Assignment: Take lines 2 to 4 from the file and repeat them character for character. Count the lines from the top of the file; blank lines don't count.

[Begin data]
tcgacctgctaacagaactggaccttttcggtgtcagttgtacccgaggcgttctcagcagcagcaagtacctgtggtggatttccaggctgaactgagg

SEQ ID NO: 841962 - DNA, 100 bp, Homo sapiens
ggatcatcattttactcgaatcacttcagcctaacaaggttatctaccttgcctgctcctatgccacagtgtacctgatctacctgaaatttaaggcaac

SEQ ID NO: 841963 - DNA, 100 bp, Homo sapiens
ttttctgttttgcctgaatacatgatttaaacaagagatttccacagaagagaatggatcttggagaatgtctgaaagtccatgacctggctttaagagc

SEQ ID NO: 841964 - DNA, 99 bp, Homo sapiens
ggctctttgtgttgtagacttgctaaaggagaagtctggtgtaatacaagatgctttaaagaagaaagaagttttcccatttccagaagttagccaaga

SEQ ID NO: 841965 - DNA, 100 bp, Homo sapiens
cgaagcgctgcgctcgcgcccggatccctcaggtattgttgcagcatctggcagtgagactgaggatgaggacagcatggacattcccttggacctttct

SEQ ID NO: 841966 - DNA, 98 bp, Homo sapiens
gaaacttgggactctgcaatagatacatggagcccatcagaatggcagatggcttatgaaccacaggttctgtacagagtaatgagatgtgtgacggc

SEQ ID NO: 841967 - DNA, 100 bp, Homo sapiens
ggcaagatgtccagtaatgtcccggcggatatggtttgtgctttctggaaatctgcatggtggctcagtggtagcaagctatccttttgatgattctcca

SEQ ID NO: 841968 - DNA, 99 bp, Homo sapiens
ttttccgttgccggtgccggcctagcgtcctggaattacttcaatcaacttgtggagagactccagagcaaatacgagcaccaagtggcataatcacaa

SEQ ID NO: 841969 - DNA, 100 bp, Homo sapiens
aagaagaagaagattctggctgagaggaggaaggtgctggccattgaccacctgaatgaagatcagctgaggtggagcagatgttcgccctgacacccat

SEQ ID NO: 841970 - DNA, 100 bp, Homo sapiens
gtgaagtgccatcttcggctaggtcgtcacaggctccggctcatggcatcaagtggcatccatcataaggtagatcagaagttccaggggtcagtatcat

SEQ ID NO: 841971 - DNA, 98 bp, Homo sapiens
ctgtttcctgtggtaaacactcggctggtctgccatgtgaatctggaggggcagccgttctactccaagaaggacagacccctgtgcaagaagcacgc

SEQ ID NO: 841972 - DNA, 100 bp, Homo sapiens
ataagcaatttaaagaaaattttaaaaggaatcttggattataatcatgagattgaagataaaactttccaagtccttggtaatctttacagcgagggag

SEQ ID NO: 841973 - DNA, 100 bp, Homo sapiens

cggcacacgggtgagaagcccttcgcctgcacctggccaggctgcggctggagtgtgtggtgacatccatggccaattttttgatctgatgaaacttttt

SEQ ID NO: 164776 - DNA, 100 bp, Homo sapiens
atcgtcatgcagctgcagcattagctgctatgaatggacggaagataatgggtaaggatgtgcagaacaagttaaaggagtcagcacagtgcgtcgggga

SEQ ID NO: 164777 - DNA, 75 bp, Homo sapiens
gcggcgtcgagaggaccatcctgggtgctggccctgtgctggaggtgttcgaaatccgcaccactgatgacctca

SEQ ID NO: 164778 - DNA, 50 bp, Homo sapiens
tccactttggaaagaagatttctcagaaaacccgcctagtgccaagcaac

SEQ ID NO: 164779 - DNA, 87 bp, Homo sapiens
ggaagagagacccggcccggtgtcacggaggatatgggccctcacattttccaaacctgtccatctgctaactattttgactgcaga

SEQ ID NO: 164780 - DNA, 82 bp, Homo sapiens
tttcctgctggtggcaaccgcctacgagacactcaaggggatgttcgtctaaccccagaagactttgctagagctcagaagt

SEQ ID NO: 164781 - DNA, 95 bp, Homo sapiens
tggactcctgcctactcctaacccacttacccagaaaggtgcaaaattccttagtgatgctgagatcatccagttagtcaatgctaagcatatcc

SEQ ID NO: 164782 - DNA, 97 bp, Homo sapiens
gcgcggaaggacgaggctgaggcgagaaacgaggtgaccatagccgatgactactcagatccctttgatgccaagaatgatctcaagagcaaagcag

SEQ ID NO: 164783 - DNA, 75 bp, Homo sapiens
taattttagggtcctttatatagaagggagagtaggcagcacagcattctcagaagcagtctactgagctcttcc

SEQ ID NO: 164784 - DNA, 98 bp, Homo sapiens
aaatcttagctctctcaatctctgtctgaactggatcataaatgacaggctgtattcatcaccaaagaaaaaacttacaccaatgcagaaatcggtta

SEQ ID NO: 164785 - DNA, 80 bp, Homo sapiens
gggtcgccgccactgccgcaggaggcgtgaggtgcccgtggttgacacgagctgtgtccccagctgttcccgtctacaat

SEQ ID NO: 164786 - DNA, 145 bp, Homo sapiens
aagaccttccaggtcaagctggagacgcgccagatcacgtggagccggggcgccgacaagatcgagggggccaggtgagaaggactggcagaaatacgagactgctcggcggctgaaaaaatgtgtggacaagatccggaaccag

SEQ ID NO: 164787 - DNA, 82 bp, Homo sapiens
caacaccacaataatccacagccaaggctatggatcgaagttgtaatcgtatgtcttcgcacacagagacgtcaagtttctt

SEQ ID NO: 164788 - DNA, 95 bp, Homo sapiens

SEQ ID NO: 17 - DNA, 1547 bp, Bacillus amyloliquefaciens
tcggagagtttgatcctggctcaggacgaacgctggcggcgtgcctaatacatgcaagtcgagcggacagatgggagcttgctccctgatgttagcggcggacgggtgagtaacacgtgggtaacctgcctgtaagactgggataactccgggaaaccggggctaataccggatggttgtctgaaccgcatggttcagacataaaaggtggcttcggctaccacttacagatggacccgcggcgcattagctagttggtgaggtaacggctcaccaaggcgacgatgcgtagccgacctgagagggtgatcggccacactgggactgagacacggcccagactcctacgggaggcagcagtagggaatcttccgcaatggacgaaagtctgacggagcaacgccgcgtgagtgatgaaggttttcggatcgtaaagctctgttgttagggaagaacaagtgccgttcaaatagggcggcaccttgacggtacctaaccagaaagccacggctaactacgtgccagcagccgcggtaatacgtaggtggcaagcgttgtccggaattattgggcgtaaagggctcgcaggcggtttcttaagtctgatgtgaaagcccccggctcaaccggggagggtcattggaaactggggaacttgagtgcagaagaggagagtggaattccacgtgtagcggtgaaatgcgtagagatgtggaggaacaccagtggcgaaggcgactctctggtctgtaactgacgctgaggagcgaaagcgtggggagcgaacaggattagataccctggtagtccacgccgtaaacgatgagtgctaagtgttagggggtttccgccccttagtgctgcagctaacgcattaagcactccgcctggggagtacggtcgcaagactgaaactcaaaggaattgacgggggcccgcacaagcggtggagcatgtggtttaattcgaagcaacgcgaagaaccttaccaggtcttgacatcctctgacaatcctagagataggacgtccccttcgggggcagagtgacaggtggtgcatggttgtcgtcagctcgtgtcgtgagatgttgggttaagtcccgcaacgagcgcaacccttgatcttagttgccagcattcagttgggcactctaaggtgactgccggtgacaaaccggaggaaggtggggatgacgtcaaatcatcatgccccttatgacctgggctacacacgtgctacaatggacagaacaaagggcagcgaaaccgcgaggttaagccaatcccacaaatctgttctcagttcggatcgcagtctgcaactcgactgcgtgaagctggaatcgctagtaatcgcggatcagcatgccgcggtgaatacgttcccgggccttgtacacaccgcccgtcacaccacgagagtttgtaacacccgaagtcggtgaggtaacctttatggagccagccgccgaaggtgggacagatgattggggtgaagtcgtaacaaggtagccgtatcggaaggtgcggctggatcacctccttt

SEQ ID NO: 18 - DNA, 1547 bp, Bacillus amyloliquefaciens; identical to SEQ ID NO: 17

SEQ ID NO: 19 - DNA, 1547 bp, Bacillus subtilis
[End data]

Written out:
SEQ ID NO: 841962 - DNA, 100 bp, Homo sapiens
ggatcatcattttactcgaatcacttcagcctaacaaggttatctaccttgcctgctcctatgccacagtgtacctgatctacctgaaatttaaggcaac

SEQ ID NO: 841963 - DNA, 100 bp, Homo sapiens